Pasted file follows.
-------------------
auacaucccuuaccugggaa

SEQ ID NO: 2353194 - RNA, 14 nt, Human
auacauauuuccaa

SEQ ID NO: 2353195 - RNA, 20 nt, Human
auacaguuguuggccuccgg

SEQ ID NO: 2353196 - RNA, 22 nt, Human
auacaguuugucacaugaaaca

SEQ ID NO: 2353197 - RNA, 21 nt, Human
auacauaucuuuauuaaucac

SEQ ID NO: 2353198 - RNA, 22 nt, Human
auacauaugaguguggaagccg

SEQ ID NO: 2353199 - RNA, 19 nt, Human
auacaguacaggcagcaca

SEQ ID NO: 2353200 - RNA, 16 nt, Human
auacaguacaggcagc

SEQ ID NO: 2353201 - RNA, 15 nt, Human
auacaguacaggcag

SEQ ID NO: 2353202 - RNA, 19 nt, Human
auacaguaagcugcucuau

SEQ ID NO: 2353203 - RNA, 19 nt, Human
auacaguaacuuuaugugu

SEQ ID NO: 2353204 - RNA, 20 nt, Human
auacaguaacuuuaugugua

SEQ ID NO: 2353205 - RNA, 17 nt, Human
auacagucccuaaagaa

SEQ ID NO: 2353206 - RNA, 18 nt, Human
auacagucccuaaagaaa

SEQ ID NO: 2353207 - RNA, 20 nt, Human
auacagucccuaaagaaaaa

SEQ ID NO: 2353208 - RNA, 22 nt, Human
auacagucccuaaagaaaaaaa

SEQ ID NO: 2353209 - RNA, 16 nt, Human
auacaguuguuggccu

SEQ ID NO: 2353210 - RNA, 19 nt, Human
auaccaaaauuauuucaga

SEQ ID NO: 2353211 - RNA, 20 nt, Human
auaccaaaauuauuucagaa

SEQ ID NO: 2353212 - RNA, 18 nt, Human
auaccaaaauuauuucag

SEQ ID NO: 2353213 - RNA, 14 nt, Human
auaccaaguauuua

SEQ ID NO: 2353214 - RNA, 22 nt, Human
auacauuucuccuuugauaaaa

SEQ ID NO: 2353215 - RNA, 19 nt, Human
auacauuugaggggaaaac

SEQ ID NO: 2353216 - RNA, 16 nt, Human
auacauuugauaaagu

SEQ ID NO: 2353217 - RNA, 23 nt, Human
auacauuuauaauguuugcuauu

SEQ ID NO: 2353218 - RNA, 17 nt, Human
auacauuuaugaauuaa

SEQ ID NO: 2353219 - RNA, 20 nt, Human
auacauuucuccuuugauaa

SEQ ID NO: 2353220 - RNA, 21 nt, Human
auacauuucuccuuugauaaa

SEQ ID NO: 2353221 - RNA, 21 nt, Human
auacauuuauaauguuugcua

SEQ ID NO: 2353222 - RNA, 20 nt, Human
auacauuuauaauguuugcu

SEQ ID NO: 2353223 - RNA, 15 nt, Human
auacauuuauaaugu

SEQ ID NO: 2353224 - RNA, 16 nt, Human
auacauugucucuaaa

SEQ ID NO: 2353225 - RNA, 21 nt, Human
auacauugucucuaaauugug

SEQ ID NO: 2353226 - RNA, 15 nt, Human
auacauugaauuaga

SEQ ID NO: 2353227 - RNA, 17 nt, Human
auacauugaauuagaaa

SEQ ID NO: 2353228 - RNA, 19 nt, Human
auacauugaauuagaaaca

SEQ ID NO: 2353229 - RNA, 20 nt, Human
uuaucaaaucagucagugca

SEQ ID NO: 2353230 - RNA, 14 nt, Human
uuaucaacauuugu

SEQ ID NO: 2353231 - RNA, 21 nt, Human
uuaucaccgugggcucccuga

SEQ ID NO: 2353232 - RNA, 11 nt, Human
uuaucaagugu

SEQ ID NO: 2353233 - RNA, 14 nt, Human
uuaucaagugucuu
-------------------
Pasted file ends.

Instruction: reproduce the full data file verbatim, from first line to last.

auacaucccuuaccugggaa

SEQ ID NO: 2353194 - RNA, 14 nt, Human
auacauauuuccaa

SEQ ID NO: 2353195 - RNA, 20 nt, Human
auacaguuguuggccuccgg

SEQ ID NO: 2353196 - RNA, 22 nt, Human
auacaguuugucacaugaaaca

SEQ ID NO: 2353197 - RNA, 21 nt, Human
auacauaucuuuauuaaucac

SEQ ID NO: 2353198 - RNA, 22 nt, Human
auacauaugaguguggaagccg

SEQ ID NO: 2353199 - RNA, 19 nt, Human
auacaguacaggcagcaca

SEQ ID NO: 2353200 - RNA, 16 nt, Human
auacaguacaggcagc

SEQ ID NO: 2353201 - RNA, 15 nt, Human
auacaguacaggcag

SEQ ID NO: 2353202 - RNA, 19 nt, Human
auacaguaagcugcucuau

SEQ ID NO: 2353203 - RNA, 19 nt, Human
auacaguaacuuuaugugu

SEQ ID NO: 2353204 - RNA, 20 nt, Human
auacaguaacuuuaugugua

SEQ ID NO: 2353205 - RNA, 17 nt, Human
auacagucccuaaagaa

SEQ ID NO: 2353206 - RNA, 18 nt, Human
auacagucccuaaagaaa

SEQ ID NO: 2353207 - RNA, 20 nt, Human
auacagucccuaaagaaaaa

SEQ ID NO: 2353208 - RNA, 22 nt, Human
auacagucccuaaagaaaaaaa

SEQ ID NO: 2353209 - RNA, 16 nt, Human
auacaguuguuggccu

SEQ ID NO: 2353210 - RNA, 19 nt, Human
auaccaaaauuauuucaga

SEQ ID NO: 2353211 - RNA, 20 nt, Human
auaccaaaauuauuucagaa

SEQ ID NO: 2353212 - RNA, 18 nt, Human
auaccaaaauuauuucag

SEQ ID NO: 2353213 - RNA, 14 nt, Human
auaccaaguauuua

SEQ ID NO: 2353214 - RNA, 22 nt, Human
auacauuucuccuuugauaaaa

SEQ ID NO: 2353215 - RNA, 19 nt, Human
auacauuugaggggaaaac

SEQ ID NO: 2353216 - RNA, 16 nt, Human
auacauuugauaaagu

SEQ ID NO: 2353217 - RNA, 23 nt, Human
auacauuuauaauguuugcuauu

SEQ ID NO: 2353218 - RNA, 17 nt, Human
auacauuuaugaauuaa

SEQ ID NO: 2353219 - RNA, 20 nt, Human
auacauuucuccuuugauaa

SEQ ID NO: 2353220 - RNA, 21 nt, Human
auacauuucuccuuugauaaa

SEQ ID NO: 2353221 - RNA, 21 nt, Human
auacauuuauaauguuugcua

SEQ ID NO: 2353222 - RNA, 20 nt, Human
auacauuuauaauguuugcu

SEQ ID NO: 2353223 - RNA, 15 nt, Human
auacauuuauaaugu

SEQ ID NO: 2353224 - RNA, 16 nt, Human
auacauugucucuaaa

SEQ ID NO: 2353225 - RNA, 21 nt, Human
auacauugucucuaaauugug

SEQ ID NO: 2353226 - RNA, 15 nt, Human
auacauugaauuaga

SEQ ID NO: 2353227 - RNA, 17 nt, Human
auacauugaauuagaaa

SEQ ID NO: 2353228 - RNA, 19 nt, Human
auacauugaauuagaaaca

SEQ ID NO: 2353229 - RNA, 20 nt, Human
uuaucaaaucagucagugca

SEQ ID NO: 2353230 - RNA, 14 nt, Human
uuaucaacauuugu

SEQ ID NO: 2353231 - RNA, 21 nt, Human
uuaucaccgugggcucccuga

SEQ ID NO: 2353232 - RNA, 11 nt, Human
uuaucaagugu

SEQ ID NO: 2353233 - RNA, 14 nt, Human
uuaucaagugucuu